View Full Version : I have an immediate problem. need help

16-02-2007, 23:56 PM
i am using a friends log in as im unsure what to do, i rented out my spare room to a friend i signed a whsmiths over the counter contract which states both of us have to give each other 2 months notice, he has laid a patio for me which he said he was going to do it for free as he was a good friend to me, now he has given me a bill for 600 pound. i said he couldn't charge me for something he told me was free (as we agreed). he has given me his notice but has told me he is going to smash up the patio and isn't going to pay me anymore rent for the next 2 months, where do i stand on this. if he does not pay his rent on Saturday as agreed... is the contract null and void... and what time frame do i have to get him out.
He is being really awkward now, and i don't feel the same in my own home.
Can someone tell me where do i stand on this, and what rights do i have?

thanks in advance


17-02-2007, 00:07 AM
You will not get him out prior to the two months without some form of financial liability by yourself. He is not a tenant, he is a lodger, and as such has no security of tenure. BUT, you have effectively given him security of tenure by signing a contract with him giving him 2 months notice period.

HOWEVER, and I would like to await confirmation from someone else on this, as he is a lodger and not a tenant, I believe the signed contract will only be covered by contract law rather than statute renting law. As such, I believe that you could safely remove him from your home having given "reasonable" notice - a week, or maybe slightly less - without the fear of unlawful eviction criminal charges, as you would have in a tenancy. However, he could sue you for breach of contract for damages. I have no idea what damages this could entail.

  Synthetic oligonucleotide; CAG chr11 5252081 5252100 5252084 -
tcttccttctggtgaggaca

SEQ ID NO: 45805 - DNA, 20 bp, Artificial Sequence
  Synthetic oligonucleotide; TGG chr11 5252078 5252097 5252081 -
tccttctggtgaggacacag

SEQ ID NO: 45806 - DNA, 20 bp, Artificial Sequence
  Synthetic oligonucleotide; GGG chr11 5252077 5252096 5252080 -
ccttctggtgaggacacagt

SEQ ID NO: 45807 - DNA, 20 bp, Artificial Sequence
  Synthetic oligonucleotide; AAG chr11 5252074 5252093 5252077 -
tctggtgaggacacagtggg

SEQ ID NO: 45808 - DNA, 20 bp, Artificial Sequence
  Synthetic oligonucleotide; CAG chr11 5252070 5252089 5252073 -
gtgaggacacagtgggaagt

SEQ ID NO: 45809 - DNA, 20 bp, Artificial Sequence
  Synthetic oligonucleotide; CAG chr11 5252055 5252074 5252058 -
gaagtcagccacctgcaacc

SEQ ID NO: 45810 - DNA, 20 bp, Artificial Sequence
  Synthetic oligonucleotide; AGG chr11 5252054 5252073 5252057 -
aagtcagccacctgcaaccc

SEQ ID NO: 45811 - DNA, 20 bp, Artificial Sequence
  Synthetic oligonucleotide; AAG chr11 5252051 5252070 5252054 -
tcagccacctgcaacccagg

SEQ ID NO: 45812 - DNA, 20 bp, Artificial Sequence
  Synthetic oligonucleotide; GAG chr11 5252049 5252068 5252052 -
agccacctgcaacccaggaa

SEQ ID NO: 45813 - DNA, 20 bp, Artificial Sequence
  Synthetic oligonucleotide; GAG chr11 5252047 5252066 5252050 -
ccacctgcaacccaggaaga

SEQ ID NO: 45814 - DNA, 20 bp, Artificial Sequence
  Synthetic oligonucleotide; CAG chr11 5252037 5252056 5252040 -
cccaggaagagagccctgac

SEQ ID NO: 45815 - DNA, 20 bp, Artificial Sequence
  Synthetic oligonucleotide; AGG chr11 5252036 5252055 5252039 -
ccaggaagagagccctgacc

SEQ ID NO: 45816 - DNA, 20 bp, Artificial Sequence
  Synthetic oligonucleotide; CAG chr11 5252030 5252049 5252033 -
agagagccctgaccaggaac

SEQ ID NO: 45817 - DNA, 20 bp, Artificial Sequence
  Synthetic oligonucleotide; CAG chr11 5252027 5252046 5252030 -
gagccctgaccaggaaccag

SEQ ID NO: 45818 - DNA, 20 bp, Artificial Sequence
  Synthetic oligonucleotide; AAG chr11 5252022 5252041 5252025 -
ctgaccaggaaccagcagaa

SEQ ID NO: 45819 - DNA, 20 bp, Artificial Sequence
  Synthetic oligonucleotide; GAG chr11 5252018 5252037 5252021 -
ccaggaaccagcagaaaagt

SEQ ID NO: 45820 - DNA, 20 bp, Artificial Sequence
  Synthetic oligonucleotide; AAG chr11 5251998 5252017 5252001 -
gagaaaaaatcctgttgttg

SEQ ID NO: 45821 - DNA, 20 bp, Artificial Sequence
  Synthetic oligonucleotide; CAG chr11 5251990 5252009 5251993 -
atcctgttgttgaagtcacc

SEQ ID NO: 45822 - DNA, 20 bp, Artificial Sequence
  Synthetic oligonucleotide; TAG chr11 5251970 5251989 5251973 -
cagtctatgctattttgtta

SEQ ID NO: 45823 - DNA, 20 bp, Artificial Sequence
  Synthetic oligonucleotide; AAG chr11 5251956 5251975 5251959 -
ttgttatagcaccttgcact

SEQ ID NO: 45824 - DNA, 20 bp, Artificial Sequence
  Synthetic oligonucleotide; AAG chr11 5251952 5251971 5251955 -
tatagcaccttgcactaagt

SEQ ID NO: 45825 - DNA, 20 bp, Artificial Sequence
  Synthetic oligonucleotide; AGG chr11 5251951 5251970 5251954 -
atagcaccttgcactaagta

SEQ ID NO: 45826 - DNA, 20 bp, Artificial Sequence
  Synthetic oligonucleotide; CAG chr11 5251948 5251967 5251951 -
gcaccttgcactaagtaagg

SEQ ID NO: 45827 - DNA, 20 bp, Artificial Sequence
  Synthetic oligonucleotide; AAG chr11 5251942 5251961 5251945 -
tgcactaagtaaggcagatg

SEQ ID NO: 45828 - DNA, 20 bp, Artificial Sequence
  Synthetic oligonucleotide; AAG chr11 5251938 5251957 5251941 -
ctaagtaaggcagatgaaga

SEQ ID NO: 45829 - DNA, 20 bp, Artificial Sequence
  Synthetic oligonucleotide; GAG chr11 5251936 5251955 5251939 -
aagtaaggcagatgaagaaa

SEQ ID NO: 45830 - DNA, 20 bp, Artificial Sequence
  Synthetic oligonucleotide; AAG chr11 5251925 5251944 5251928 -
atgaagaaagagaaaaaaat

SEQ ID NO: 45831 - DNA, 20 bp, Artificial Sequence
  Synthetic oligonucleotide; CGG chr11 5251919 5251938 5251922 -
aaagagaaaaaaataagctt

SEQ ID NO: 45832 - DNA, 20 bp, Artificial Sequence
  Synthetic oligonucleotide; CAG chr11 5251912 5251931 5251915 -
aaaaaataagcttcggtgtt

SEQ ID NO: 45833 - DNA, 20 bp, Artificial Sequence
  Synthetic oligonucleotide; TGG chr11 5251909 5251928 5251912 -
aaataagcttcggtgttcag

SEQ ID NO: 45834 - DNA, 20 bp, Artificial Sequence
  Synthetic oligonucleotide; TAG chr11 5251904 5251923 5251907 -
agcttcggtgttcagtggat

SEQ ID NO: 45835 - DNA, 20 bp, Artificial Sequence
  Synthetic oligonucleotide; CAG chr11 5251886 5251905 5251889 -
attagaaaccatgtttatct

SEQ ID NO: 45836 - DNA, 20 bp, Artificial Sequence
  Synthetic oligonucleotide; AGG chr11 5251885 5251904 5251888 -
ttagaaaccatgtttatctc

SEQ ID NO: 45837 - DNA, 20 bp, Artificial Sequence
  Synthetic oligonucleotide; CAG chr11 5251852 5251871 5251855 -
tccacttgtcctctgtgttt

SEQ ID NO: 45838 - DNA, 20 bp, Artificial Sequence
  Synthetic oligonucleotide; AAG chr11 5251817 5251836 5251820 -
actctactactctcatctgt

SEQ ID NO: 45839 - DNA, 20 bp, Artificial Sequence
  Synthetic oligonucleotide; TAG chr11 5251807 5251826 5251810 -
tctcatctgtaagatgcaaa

17-02-2007, 00:30 AM
Now in reply... if he were not to pay his weekly rent on time.. is this breech of contract(as advised by my solicitor) and get him out sooner.?
Does he have a path of recourse towards me.. or can i physically remove him? locks etc.? Need him out.. because i now feel threatened in my own home

17-02-2007, 00:36 AM
I agree with Mr Shed

What kind of agreement is it ? What does the main title say? I hope it is a residential landlord, or lodgers agreement. 2 months is waay too much notice for a lodging agreement though. Next time keep it much shorter.

In the first instance look at your agreement for what it says about bad behaviour or breach of contract by your lodger.

If he doesn't pay rent for the next 2 months that would be breach of contract. You would be entitled to make a claim against him to recover the money if he stayed in residence.

If you do not feel safe in your own home i would call the police for advice. Get the call logged in case he sues you for breach of contract if you decide he should go sooner; it will be evidence and justification for any action you might take.

You could have good grounds to ask him to leave immediately if you are being harrassed in your own home. The best way is to change the locks when he's out. If you really feel unsafe, then I would put my safety first, and worry about the possibility of a court case second.

17-02-2007, 08:36 AM
Totall agree with Bel's last point there. If you feel unsafe, I would not concern yourself with the financial cost - at the end of the day, he probably wouldnt sue anyway etc etc. Other than for financial reasons, as far as I am concerned, you can kick him out whenever.

17-02-2007, 09:46 AM
Stupid thought. Why not consider telling him to leave at the end of the week because his invitation is up and that you will pay him £600 for the patio on the day he leaves.

Keep it friendly.

Next time you decide to take in lodgers you only need to agree rent payments, the notice period (no more than a week in my yard) and give them a weekly rent book.

17-02-2007, 10:07 AM
Not a bad thought IMO - may be worth it to resolve the situation.

I realised I missed your point a while ago as well. If he does actually smash up the patio, this would be criminal damage, and he would be liable for it, as well as committing a criminal act.